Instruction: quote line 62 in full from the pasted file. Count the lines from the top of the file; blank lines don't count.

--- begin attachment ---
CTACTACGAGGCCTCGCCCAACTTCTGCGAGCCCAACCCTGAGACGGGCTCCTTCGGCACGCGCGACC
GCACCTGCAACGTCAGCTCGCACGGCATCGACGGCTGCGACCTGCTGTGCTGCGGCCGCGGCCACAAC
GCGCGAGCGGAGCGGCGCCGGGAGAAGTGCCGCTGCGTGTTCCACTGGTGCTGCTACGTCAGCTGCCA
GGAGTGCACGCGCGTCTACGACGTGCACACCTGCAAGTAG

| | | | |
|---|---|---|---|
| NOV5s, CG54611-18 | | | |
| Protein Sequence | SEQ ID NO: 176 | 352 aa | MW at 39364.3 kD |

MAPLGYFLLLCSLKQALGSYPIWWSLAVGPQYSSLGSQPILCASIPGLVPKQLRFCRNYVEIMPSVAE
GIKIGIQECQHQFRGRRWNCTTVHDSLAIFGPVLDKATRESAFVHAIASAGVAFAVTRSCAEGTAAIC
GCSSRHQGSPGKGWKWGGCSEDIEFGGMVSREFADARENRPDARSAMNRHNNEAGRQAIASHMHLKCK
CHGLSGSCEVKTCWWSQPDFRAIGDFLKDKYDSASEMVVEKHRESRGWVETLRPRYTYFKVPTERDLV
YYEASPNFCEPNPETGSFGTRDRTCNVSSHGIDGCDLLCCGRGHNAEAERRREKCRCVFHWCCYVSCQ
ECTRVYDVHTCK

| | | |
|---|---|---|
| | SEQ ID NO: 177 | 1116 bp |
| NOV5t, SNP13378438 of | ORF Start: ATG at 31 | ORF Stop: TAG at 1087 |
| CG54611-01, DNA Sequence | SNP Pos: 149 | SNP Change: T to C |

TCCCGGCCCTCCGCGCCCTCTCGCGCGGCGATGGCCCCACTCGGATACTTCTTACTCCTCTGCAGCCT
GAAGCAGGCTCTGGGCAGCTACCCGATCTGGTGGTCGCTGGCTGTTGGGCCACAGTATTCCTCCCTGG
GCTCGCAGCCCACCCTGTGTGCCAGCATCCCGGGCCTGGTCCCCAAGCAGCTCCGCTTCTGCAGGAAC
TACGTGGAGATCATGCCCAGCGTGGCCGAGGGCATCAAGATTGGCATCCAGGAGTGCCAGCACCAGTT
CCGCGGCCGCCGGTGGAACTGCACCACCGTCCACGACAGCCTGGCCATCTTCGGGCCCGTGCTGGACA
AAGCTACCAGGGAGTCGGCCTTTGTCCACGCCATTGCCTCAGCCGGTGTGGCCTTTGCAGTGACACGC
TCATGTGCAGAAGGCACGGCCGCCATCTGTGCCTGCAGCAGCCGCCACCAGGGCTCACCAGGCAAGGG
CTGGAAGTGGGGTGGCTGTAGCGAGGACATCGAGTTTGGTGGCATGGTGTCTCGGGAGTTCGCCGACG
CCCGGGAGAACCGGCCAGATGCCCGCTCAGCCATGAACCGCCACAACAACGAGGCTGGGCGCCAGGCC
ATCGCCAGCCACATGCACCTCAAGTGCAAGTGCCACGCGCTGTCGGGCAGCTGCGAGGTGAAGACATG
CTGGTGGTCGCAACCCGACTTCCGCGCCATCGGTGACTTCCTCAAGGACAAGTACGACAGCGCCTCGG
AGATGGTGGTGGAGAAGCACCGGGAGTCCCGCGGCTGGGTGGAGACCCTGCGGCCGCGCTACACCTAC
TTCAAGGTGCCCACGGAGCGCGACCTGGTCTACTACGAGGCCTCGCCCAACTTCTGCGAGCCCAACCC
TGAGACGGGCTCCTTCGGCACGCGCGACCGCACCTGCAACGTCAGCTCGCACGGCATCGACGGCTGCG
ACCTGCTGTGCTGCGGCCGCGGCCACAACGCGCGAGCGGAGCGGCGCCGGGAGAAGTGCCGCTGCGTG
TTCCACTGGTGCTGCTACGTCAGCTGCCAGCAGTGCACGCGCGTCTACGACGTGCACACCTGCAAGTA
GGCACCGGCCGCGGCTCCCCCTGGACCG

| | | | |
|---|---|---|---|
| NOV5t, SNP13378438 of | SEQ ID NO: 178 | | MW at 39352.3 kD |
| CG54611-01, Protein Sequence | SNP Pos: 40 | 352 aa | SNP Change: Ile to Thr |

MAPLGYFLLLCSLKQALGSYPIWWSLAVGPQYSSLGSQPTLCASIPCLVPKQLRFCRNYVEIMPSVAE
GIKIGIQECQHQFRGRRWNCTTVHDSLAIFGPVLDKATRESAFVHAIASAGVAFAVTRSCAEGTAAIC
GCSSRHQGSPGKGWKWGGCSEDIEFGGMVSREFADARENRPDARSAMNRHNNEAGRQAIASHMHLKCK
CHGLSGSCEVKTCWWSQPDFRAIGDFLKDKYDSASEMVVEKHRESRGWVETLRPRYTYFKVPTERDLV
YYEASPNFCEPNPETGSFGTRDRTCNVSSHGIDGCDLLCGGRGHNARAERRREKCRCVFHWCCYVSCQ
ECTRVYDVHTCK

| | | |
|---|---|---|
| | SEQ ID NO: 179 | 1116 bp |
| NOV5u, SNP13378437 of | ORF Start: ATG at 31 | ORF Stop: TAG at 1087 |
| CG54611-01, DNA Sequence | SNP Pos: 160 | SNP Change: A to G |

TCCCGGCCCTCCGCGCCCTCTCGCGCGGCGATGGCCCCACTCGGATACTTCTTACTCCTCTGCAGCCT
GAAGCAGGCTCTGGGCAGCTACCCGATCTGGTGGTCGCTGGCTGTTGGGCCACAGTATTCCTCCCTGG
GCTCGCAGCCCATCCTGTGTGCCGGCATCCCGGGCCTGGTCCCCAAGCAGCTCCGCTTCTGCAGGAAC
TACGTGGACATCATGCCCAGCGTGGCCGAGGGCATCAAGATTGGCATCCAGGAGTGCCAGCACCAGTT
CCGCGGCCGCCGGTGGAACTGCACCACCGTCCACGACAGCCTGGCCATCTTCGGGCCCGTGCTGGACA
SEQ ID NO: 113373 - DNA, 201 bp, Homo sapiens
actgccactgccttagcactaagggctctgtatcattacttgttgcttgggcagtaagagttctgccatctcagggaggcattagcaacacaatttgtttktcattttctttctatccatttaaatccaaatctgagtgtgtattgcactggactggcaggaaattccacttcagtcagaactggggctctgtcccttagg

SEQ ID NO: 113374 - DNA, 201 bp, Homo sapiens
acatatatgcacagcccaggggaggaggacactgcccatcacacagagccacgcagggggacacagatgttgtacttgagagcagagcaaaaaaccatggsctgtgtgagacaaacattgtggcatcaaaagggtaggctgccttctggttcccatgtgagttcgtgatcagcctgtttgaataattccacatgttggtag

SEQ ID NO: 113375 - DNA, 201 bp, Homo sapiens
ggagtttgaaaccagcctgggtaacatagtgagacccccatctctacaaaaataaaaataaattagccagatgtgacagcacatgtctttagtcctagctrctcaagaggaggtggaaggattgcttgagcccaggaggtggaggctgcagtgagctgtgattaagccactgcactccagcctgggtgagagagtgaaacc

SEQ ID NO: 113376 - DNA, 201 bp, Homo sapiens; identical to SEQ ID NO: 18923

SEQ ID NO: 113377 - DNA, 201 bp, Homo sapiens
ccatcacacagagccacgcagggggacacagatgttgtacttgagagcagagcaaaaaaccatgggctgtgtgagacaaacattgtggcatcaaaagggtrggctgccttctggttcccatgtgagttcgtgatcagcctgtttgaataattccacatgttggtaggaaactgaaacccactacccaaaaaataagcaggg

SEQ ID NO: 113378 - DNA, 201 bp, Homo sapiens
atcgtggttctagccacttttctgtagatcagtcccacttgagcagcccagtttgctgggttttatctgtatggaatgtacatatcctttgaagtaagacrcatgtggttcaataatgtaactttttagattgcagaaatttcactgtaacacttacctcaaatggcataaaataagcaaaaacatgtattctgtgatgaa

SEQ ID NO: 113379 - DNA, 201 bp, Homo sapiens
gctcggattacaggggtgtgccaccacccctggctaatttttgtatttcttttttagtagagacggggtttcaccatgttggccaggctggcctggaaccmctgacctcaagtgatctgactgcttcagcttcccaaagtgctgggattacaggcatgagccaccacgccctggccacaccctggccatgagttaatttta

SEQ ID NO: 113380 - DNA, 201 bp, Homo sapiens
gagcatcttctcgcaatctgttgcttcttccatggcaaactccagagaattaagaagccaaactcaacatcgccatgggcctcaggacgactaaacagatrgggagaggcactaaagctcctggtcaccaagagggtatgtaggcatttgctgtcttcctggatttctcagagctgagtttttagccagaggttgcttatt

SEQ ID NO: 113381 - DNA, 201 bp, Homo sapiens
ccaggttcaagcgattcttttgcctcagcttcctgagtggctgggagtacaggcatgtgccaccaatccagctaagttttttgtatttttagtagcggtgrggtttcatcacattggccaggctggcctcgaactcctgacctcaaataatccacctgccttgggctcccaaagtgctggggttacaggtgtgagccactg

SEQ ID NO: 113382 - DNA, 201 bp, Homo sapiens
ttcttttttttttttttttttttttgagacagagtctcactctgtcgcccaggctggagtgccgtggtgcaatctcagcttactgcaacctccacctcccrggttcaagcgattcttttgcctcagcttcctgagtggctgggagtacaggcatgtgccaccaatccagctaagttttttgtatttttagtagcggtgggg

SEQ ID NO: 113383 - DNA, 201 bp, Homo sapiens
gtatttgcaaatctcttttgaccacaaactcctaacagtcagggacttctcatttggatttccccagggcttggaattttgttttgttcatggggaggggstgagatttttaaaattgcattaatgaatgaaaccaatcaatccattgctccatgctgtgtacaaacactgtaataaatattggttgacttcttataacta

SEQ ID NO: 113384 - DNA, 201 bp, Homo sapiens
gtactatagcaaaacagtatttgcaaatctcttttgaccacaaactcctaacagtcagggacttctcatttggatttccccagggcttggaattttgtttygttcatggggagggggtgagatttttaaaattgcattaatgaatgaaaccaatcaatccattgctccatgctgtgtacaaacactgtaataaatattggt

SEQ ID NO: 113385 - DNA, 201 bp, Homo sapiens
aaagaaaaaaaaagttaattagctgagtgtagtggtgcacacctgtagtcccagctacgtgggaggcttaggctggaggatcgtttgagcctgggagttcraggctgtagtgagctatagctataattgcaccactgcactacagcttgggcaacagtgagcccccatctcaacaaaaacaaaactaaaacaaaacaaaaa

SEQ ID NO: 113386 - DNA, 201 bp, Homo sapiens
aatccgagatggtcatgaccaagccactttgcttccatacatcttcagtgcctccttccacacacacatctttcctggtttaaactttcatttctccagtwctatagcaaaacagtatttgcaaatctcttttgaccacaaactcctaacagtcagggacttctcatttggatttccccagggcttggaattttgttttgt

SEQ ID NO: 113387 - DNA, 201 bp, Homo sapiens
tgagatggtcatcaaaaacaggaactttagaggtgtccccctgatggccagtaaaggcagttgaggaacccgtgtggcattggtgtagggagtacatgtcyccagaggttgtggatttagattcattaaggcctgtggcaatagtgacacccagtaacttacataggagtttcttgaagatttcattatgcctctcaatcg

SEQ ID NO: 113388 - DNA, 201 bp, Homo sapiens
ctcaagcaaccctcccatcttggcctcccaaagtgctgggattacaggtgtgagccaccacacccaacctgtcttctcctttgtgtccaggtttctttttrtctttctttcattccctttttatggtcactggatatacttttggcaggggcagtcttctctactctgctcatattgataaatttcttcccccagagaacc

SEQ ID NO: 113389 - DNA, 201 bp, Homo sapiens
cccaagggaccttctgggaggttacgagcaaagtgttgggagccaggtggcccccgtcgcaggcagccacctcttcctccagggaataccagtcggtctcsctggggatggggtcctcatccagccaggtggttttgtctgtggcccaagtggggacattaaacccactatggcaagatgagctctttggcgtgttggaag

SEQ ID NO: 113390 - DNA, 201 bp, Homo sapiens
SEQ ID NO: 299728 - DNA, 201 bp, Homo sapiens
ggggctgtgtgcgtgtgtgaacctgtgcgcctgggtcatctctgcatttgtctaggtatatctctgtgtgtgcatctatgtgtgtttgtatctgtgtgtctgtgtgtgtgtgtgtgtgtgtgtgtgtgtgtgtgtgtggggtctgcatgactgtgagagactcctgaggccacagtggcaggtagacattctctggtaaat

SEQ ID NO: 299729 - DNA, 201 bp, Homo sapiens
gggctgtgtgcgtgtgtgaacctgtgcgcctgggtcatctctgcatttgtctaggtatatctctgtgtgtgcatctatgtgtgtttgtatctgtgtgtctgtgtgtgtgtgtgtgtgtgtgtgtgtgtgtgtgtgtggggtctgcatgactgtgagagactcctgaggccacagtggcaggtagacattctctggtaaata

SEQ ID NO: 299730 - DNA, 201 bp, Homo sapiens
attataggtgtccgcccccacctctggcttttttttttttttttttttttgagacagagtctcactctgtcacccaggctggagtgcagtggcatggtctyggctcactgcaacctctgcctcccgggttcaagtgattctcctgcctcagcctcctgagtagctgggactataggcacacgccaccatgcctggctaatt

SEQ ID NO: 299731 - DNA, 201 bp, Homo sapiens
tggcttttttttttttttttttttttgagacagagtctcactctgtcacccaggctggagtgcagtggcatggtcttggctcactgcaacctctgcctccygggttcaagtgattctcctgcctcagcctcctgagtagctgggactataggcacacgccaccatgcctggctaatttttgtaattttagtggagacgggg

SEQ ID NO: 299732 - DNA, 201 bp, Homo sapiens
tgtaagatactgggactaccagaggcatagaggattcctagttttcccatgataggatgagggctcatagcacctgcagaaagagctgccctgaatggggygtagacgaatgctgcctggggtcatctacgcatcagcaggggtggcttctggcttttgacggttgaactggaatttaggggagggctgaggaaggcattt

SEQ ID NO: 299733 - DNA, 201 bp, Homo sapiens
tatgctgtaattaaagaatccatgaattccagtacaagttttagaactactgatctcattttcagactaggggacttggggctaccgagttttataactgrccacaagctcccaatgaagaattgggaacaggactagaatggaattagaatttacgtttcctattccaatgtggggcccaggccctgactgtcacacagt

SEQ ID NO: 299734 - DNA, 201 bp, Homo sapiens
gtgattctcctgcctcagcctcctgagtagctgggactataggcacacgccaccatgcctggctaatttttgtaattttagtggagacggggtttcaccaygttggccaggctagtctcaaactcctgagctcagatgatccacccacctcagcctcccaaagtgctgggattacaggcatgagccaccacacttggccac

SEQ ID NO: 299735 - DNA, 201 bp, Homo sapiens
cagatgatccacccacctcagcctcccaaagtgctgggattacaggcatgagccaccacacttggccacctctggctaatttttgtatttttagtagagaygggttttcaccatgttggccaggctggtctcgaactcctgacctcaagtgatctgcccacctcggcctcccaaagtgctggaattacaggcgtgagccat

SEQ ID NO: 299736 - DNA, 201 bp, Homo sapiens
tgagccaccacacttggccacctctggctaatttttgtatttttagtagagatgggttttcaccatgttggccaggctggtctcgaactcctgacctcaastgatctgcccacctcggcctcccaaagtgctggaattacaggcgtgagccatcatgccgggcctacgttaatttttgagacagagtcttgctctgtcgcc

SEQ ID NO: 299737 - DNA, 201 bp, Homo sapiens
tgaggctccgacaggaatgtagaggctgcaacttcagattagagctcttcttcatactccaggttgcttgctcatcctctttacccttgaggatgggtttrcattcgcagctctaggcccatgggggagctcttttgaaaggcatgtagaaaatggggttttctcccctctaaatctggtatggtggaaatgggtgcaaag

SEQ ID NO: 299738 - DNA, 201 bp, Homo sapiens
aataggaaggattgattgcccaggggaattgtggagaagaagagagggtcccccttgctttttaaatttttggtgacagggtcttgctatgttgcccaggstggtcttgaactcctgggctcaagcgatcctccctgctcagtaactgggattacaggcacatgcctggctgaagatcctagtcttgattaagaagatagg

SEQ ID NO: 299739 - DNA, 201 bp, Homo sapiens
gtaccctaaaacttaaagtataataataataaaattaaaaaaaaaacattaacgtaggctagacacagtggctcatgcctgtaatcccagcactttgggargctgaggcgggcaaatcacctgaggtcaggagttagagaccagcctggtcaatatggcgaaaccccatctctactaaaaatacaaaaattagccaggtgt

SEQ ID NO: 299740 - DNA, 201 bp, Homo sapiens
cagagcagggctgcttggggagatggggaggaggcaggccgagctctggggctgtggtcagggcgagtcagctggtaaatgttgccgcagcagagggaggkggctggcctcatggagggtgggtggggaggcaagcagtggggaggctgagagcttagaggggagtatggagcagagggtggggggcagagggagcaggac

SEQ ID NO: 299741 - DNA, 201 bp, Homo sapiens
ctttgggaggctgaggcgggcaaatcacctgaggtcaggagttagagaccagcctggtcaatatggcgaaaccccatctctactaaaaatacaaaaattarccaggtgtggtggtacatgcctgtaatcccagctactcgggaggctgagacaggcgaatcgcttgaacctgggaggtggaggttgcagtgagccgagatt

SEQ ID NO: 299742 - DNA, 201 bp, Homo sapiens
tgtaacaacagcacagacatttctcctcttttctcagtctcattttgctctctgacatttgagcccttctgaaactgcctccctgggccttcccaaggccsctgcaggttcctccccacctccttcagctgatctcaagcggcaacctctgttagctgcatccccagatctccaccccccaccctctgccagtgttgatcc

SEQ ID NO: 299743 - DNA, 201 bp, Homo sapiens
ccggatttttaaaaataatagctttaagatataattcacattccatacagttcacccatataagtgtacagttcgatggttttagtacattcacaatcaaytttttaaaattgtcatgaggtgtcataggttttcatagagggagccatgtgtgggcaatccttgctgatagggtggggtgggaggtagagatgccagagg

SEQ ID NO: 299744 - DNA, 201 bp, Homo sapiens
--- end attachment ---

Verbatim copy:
ggagtttgaaaccagcctgggtaacatagtgagacccccatctctacaaaaataaaaataaattagccagatgtgacagcacatgtctttagtcctagctrctcaagaggaggtggaaggattgcttgagcccaggaggtggaggctgcagtgagctgtgattaagccactgcactccagcctgggtgagagagtgaaacc